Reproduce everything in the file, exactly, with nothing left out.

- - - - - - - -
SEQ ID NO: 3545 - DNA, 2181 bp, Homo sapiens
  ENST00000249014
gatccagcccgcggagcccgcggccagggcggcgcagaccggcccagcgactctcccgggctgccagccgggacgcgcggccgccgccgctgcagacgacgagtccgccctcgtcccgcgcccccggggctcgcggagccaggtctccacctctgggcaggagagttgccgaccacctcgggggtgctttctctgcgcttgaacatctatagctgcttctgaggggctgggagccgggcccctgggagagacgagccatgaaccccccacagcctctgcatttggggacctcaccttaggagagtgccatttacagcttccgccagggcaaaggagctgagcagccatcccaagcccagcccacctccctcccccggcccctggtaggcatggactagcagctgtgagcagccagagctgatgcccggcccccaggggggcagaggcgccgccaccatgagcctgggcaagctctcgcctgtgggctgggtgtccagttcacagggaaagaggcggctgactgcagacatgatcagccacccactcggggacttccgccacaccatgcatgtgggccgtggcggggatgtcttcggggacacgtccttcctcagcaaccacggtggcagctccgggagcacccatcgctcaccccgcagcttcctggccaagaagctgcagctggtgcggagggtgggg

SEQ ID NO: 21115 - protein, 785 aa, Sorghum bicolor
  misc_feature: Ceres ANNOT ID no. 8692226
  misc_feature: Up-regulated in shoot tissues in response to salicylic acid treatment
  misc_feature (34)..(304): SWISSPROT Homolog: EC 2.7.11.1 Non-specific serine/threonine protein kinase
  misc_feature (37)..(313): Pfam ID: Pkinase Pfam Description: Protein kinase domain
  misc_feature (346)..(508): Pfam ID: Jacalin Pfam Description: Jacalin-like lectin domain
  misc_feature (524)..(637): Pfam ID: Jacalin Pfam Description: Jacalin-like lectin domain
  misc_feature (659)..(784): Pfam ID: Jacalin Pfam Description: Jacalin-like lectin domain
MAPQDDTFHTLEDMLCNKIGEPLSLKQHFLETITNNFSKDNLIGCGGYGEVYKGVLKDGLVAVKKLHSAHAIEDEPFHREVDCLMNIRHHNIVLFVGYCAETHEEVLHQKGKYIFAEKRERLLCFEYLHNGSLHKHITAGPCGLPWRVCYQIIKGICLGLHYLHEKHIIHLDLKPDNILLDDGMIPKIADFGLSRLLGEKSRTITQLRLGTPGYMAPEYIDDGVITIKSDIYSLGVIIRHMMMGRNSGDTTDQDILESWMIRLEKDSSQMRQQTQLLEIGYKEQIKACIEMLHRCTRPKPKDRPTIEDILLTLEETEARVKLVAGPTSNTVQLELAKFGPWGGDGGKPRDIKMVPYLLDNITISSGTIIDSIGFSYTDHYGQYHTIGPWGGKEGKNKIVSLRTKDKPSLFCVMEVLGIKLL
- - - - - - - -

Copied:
SEQ ID NO: 3545 - DNA, 2181 bp, Homo sapiens
  ENST00000249014
gatccagcccgcggagcccgcggccagggcggcgcagaccggcccagcgactctcccgggctgccagccgggacgcgcggccgccgccgctgcagacgacgagtccgccctcgtcccgcgcccccggggctcgcggagccaggtctccacctctgggcaggagagttgccgaccacctcgggggtgctttctctgcgcttgaacatctatagctgcttctgaggggctgggagccgggcccctgggagagacgagccatgaaccccccacagcctctgcatttggggacctcaccttaggagagtgccatttacagcttccgccagggcaaaggagctgagcagccatcccaagcccagcccacctccctcccccggcccctggtaggcatggactagcagctgtgagcagccagagctgatgcccggcccccaggggggcagaggcgccgccaccatgagcctgggcaagctctcgcctgtgggctgggtgtccagttcacagggaaagaggcggctgactgcagacatgatcagccacccactcggggacttccgccacaccatgcatgtgggccgtggcggggatgtcttcggggacacgtccttcctcagcaaccacggtggcagctccgggagcacccatcgctcaccccgcagcttcctggccaagaagctgcagctggtgcggagggtgggg

SEQ ID NO: 21115 - protein, 785 aa, Sorghum bicolor
  misc_feature: Ceres ANNOT ID no. 8692226
  misc_feature: Up-regulated in shoot tissues in response to salicylic acid treatment
  misc_feature (34)..(304): SWISSPROT Homolog: EC 2.7.11.1 Non-specific serine/threonine protein kinase
  misc_feature (37)..(313): Pfam ID: Pkinase Pfam Description: Protein kinase domain
  misc_feature (346)..(508): Pfam ID: Jacalin Pfam Description: Jacalin-like lectin domain
  misc_feature (524)..(637): Pfam ID: Jacalin Pfam Description: Jacalin-like lectin domain
  misc_feature (659)..(784): Pfam ID: Jacalin Pfam Description: Jacalin-like lectin domain
MAPQDDTFHTLEDMLCNKIGEPLSLKQHFLETITNNFSKDNLIGCGGYGEVYKGVLKDGLVAVKKLHSAHAIEDEPFHREVDCLMNIRHHNIVLFVGYCAETHEEVLHQKGKYIFAEKRERLLCFEYLHNGSLHKHITAGPCGLPWRVCYQIIKGICLGLHYLHEKHIIHLDLKPDNILLDDGMIPKIADFGLSRLLGEKSRTITQLRLGTPGYMAPEYIDDGVITIKSDIYSLGVIIRHMMMGRNSGDTTDQDILESWMIRLEKDSSQMRQQTQLLEIGYKEQIKACIEMLHRCTRPKPKDRPTIEDILLTLEETEARVKLVAGPTSNTVQLELAKFGPWGGDGGKPRDIKMVPYLLDNITISSGTIIDSIGFSYTDHYGQYHTIGPWGGKEGKNKIVSLRTKDKPSLFCVMEVLGIKLL